The friars developed an organizational form to facilitate their task, the doctrina. The doctrina was a center or school of religious instruction located in the convents of Franciscan order. The missionaries also extended their ministry to pueblos sujetos in which they induced the Indians to construct churches. The larger villages might be provided with a resident priest, but most were pueblos de visita, so called because one of the fathers visited them periodically to catechize, preach, and say mass.


The Motul convent and its three visitas, Ucí, Kiní, Muxupip; farther, Cacalchen to the south, Tixkunchel and Mérida to the west, Dzemul and Telchac to the north (Relaciones histórico geográficas de la Gobernación de Yucatán, 1579)


Diego López de Cogolludo describes this organization and gives a precise and long list of the religious districts in the Yucatán (in the XVIIth century, after the reorganization of 1602):


Thirty-five Franciscan convents in the Yucatán

“Administering the holy sacraments and evangelical preaching to the Indians of this bishopric and Government of the Yucatán are spread out between the clerics and us, the priests of our Father Saint Francis, who belong to the province of San Jose, and where there was never any interventions by priests of a different order. The clergy has twenty-two missions and parish vicarages which are distributed according to the list established under the tutelage of royal patronage in a public adjudication. We priests have thirty-five convents, which tend to the Indians, and have guardians elected in the provincial chapters, and the preaching ministers are nominated and introduced according to the procedure established by royal authority so as to follow the royal patronage: the guardians are at times also ministers, and sometimes, other priests discharge this function, according to how well they speak the language of the Indians. There are also two other missions, in which the heads of the convents do not have the title of guardian, but that of vicar, although they are elected by the chapters, and the Dominican Fathers administer a vicarious in Tabasco. Let us now turn to the list of missions and their annexed villages or visits, which possess baptismal facilities and patron-saints; they are the following.” […]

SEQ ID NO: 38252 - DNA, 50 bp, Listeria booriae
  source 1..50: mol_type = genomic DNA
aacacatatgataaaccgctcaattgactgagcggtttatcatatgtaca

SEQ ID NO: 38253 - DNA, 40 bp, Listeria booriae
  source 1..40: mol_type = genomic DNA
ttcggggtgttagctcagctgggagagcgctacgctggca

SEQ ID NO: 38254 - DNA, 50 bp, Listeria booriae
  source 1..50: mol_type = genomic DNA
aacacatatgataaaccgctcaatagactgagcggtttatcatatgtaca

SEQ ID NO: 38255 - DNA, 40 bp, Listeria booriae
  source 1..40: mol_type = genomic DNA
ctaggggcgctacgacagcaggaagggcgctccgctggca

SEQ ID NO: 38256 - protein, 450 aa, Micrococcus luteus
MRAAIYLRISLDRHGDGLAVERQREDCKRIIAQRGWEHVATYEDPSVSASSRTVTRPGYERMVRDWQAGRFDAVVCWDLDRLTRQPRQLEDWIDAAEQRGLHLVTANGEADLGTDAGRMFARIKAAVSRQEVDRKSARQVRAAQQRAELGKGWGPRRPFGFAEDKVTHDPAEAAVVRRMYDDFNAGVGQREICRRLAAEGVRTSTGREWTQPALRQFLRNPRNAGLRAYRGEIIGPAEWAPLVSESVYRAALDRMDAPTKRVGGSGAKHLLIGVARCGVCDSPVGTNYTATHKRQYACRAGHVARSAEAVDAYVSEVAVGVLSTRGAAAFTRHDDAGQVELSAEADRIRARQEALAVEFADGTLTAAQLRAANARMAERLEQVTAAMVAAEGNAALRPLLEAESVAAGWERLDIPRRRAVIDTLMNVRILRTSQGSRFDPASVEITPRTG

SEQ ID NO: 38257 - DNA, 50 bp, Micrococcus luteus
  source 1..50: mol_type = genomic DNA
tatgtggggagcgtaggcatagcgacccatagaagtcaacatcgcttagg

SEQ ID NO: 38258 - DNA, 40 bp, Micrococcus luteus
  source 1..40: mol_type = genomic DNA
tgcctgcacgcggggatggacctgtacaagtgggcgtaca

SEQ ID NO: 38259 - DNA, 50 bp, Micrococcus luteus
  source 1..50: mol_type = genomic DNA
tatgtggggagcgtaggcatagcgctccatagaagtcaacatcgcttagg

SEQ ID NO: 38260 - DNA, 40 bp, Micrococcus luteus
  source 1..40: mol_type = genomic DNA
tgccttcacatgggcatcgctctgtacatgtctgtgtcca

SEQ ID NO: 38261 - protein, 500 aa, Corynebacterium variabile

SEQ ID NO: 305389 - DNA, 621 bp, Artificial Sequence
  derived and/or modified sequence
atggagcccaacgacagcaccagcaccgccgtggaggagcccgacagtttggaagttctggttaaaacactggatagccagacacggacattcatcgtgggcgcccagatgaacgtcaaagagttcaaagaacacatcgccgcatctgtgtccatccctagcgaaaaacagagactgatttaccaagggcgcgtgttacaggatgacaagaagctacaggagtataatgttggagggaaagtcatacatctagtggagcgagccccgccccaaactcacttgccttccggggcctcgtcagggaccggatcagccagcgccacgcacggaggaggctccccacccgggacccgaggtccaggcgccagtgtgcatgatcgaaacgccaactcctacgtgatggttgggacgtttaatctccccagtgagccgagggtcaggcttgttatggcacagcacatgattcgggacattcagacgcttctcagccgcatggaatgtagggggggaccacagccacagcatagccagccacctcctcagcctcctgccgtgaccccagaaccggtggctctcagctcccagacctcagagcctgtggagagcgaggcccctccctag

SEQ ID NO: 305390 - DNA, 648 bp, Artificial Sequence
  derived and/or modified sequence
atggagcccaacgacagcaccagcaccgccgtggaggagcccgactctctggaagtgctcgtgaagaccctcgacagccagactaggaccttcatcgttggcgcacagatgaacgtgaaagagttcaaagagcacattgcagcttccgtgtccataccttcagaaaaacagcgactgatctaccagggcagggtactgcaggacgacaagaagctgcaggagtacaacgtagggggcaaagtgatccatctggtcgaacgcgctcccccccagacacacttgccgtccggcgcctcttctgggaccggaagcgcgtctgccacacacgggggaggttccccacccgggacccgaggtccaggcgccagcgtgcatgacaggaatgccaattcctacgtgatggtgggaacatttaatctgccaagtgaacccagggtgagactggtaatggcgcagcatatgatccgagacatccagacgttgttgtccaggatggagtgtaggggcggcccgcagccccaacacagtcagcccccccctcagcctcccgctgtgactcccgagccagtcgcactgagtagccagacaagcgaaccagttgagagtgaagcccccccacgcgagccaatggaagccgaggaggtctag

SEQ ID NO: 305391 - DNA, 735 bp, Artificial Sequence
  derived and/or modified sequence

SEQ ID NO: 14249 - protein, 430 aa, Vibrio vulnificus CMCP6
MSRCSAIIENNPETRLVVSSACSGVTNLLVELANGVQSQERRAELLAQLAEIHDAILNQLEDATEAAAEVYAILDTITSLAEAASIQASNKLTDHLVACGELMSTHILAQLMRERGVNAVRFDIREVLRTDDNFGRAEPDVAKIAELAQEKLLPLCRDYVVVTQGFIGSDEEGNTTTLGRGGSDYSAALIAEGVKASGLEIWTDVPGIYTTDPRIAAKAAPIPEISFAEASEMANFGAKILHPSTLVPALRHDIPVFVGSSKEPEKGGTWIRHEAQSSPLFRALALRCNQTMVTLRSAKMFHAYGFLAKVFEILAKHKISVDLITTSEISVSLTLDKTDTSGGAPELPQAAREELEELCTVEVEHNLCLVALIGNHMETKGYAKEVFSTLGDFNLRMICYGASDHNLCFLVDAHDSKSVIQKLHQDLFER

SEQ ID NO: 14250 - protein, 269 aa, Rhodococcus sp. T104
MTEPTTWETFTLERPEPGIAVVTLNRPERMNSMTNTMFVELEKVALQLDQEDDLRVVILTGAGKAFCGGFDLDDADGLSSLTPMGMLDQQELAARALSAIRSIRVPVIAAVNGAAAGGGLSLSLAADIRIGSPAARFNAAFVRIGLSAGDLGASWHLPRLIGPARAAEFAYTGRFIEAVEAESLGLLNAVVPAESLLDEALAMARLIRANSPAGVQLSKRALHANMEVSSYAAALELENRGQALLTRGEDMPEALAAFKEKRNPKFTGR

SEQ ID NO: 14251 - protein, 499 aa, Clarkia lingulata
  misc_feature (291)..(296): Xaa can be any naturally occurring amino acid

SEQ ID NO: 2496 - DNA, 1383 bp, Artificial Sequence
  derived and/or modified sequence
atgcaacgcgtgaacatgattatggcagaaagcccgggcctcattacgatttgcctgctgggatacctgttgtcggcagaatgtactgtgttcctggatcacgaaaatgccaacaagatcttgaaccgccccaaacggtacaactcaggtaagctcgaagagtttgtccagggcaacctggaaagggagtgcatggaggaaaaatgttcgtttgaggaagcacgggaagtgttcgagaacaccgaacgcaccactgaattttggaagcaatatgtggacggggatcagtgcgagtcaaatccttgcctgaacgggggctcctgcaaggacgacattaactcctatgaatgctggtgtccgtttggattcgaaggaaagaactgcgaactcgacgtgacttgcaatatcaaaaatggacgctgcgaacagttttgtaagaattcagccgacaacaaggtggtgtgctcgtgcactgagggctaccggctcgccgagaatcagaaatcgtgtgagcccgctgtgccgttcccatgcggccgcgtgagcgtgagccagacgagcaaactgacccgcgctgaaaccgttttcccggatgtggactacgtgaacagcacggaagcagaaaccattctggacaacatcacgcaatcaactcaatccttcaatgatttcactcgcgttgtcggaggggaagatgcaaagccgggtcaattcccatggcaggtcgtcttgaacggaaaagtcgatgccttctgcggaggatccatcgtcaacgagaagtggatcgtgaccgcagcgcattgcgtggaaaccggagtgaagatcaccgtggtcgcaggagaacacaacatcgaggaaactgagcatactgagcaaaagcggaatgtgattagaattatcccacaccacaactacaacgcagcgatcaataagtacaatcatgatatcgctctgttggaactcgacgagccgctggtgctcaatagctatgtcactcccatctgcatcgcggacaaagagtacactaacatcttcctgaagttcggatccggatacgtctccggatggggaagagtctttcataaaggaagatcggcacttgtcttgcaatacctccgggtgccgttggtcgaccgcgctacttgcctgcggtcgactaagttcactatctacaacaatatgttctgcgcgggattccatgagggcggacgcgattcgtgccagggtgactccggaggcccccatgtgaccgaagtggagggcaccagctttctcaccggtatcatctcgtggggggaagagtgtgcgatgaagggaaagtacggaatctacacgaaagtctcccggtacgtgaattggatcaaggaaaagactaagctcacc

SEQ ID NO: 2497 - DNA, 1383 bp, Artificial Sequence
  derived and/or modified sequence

“The parish of Hocabá was also one of our convents until the year 1602, with Father friar. Francisco de Piña as its last guardian. The church of Hocabá is dedicated to our Father Saint Francis; those of its villages to the Ascension of Our Lady (Tzanlahcat, of which the other villages of Huji and Tixcamahil depend), to San Juan Evangelista (Zabcabá), and San Pedro Apostol (Huji ).” […].



“The parish of Yaxcabá, administered by the convent of Zotuta, has its headquarters in Yaxcabá proper, whose patron saint is our Father San Francisco. Its villages are Mopila (dependent on Saint Mathew Apostle), Tixcacal (Saint John the Baptist) and Tacchebilchen (Exaltation of the Sacred Cross).” […]



“The parish of Petu (Peto) is itself devoted to the Assumption of Our Lady; the dependent villages are Tahdziu, dedicated to our Father Saint Bernard, Tixalatún (our Father San Francisco), Tzucácab (Saint Mary Magdalena) et Calotmul (Saint Peter Apostle).” (Diego López de Cogolludo, Historía de Yucatán, book4, chapter 19)